The inaugural exhibition when the museum opens in two years will feature 200 of the most iconic works from the Broad Collections, including many recent additions to the collection and works never seen before in Los Angeles. The artists who will be represented include Doug Aitken, El Anatsui, John Baldessari, Jean Michel Basquiat, Mark Bradford, Joseph Beuys, Chuck Close, Marlene Dumas, Sam Francis, Ellen Gallagher, Mark Grotjahn, Keith Haring, Jenny Holzer, Jasper Johns, Jeff Koons, Barbara Kruger, Glenn Ligon, Sharon Lockhart, Takashi Murakami, Shirin Neshat, Cady Noland, Lari Pittman, Neo Rauch, Robert Rauschenberg, Charles Ray, Ed Ruscha, Cindy Sherman, Thomas Struth, Robert Therrien, Cy Twombly, Kara Walker, Andy Warhol and Christopher Wool, among many others.

For three years after the inaugural exhibition, The Broad will feature rotating exhibitions every four months, focusing on artists represented in distinctive depth in the collection, such as Jean-Michel Basquiat, Andreas Gursky, Damien Hirst, Anselm Kiefer, Jeff Koons, Jasper Johns, Robert Rauschenberg, Roy Lichtenstein, Cindy Sherman, Cy Twombly, Andy Warhol and Christopher Wool.

In addition to building and endowing the museum, the Broads are also advancing the funds to build a parking garage for the Community Redevelopment Agency (CRA). The CRA will purchase the parking garage and operate it upon its completion. The total cost to construct the museum and parking garage will exceed $130 million. The Broads have also paid $7.7 million to the CRA, which has earmarked the funds for affordable housing as part of the Grand Avenue project.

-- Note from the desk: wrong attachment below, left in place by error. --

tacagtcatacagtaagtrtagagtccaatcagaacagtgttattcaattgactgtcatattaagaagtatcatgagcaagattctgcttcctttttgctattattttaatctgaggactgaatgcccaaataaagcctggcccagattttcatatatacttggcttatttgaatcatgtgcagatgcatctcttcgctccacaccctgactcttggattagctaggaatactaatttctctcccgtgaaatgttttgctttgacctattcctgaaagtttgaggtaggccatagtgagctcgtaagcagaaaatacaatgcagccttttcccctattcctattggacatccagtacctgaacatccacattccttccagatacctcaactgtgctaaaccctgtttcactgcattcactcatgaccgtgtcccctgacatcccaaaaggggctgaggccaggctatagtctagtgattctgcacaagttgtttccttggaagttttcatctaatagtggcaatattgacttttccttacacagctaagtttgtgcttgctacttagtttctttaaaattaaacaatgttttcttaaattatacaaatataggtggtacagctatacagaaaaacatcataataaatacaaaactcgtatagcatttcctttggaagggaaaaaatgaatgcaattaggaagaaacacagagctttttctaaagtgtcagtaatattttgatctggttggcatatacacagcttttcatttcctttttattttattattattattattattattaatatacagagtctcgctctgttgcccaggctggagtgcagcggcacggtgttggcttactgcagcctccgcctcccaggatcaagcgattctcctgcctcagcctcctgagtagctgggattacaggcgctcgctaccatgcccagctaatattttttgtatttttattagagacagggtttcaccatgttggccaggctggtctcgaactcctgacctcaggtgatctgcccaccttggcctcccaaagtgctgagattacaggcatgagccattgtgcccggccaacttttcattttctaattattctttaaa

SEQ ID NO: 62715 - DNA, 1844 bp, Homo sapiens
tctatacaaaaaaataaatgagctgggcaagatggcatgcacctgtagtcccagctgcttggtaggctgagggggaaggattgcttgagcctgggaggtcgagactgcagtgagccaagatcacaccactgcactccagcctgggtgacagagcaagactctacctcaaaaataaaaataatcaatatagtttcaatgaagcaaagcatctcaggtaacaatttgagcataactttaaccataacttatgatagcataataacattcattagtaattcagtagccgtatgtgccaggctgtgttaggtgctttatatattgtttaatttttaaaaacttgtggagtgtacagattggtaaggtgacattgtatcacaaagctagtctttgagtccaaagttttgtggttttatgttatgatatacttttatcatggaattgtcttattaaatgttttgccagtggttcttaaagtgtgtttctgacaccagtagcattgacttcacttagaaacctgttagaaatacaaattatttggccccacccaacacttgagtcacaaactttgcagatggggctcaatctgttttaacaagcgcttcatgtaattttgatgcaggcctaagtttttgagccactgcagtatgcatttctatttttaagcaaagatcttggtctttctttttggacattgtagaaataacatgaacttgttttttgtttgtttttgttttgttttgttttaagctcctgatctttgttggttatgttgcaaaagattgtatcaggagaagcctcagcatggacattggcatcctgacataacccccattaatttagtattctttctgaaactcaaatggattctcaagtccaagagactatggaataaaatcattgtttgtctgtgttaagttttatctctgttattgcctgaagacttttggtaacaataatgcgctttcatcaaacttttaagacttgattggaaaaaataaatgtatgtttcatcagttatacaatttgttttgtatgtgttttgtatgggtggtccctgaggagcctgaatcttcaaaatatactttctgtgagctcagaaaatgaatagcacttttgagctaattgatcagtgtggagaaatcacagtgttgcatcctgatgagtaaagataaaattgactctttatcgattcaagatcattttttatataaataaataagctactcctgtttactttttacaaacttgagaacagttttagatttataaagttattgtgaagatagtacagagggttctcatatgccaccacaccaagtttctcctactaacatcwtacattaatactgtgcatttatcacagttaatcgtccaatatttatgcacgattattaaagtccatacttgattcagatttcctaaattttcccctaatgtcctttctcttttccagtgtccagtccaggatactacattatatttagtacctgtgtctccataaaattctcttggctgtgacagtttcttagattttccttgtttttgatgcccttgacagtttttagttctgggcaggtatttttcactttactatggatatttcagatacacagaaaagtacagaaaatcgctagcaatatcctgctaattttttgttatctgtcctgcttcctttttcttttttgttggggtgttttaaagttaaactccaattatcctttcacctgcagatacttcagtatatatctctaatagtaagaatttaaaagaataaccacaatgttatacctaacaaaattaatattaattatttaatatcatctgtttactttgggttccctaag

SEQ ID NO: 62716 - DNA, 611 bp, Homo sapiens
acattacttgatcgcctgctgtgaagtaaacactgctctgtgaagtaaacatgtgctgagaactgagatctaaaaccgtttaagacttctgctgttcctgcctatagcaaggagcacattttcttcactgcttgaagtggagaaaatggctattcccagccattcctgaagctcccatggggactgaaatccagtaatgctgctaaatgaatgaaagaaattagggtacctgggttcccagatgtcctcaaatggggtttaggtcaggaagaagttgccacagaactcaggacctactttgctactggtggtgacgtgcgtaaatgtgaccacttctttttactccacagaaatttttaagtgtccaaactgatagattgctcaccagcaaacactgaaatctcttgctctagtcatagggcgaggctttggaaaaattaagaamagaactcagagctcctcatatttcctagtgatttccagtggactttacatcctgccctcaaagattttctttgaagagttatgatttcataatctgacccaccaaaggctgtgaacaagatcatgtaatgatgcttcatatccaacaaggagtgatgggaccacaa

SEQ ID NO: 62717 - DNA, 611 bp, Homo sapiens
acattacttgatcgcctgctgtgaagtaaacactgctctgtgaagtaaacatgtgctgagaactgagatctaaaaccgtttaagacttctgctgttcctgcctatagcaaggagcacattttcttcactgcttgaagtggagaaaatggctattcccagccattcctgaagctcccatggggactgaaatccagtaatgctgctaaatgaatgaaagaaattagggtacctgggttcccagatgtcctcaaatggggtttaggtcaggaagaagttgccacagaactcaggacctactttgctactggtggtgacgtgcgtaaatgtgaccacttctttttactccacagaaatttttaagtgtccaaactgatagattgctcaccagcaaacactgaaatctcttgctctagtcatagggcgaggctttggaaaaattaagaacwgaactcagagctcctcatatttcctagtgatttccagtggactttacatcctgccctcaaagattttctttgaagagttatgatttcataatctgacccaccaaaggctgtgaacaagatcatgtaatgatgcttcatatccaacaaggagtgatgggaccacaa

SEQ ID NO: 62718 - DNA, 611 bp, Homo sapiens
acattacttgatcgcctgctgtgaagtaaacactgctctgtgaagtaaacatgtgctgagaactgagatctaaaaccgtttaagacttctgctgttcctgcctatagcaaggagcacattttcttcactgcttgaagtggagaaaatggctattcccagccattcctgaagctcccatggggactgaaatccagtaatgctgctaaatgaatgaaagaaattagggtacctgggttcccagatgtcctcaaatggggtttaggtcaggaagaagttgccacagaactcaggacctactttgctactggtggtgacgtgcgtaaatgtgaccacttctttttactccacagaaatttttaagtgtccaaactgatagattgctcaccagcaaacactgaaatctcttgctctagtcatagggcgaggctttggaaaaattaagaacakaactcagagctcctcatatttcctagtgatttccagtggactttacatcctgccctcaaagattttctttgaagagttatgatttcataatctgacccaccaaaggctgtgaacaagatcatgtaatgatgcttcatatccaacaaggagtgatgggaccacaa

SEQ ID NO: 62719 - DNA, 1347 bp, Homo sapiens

Construction of the three-story parking garage is planned to begin within the next 60 to 90 days. The museum construction is anticipated to begin in late summer and be completed in two years. The Santa Monica offices of Gensler will serve as the executive architect.

Among their notable and acclaimed works, Diller Scofidio + Renfro has designed the renovation and expansion of Lincoln Center in New York City, the new Institute of Contemporary Art on Boston Harbor, and the innovative High Line park in lower Manhattan. Projects in progress include the Berkeley Art Museum and Pacific Archive, the Museum of Image & Sound in Rio de Janeiro, and an inflatable event space at the Hirshhorn Museum and Sculpture Garden in Washington, D.C. The Creative Arts Center at Brown University will open next month.

In 1999-2004, the MacArthur Foundation presented Diller and Ricardo Scofidio with the “genius” award for their interdisciplinary practice and commitment to integrating architecture with issues of contemporary culture. They were recently named International Fellows of the Royal Institute of British Architects, and both were inducted into the American Academy of Arts and Sciences. For their contribution to art and design, Diller and Scofidio were named among Time Magazine’s 100 most influential people of 2009. Other prestigious awards and honors received by Diller Scofidio + Renfro include the National Design Award from the Smithsonian, the Brunner Prize from the American Academy of the Arts and Letters, the AIA President’s Award, the AIA Medal of Honor and numerous AIA Honor Awards for projects including Alice Tully Hall, the ICA and the High Line.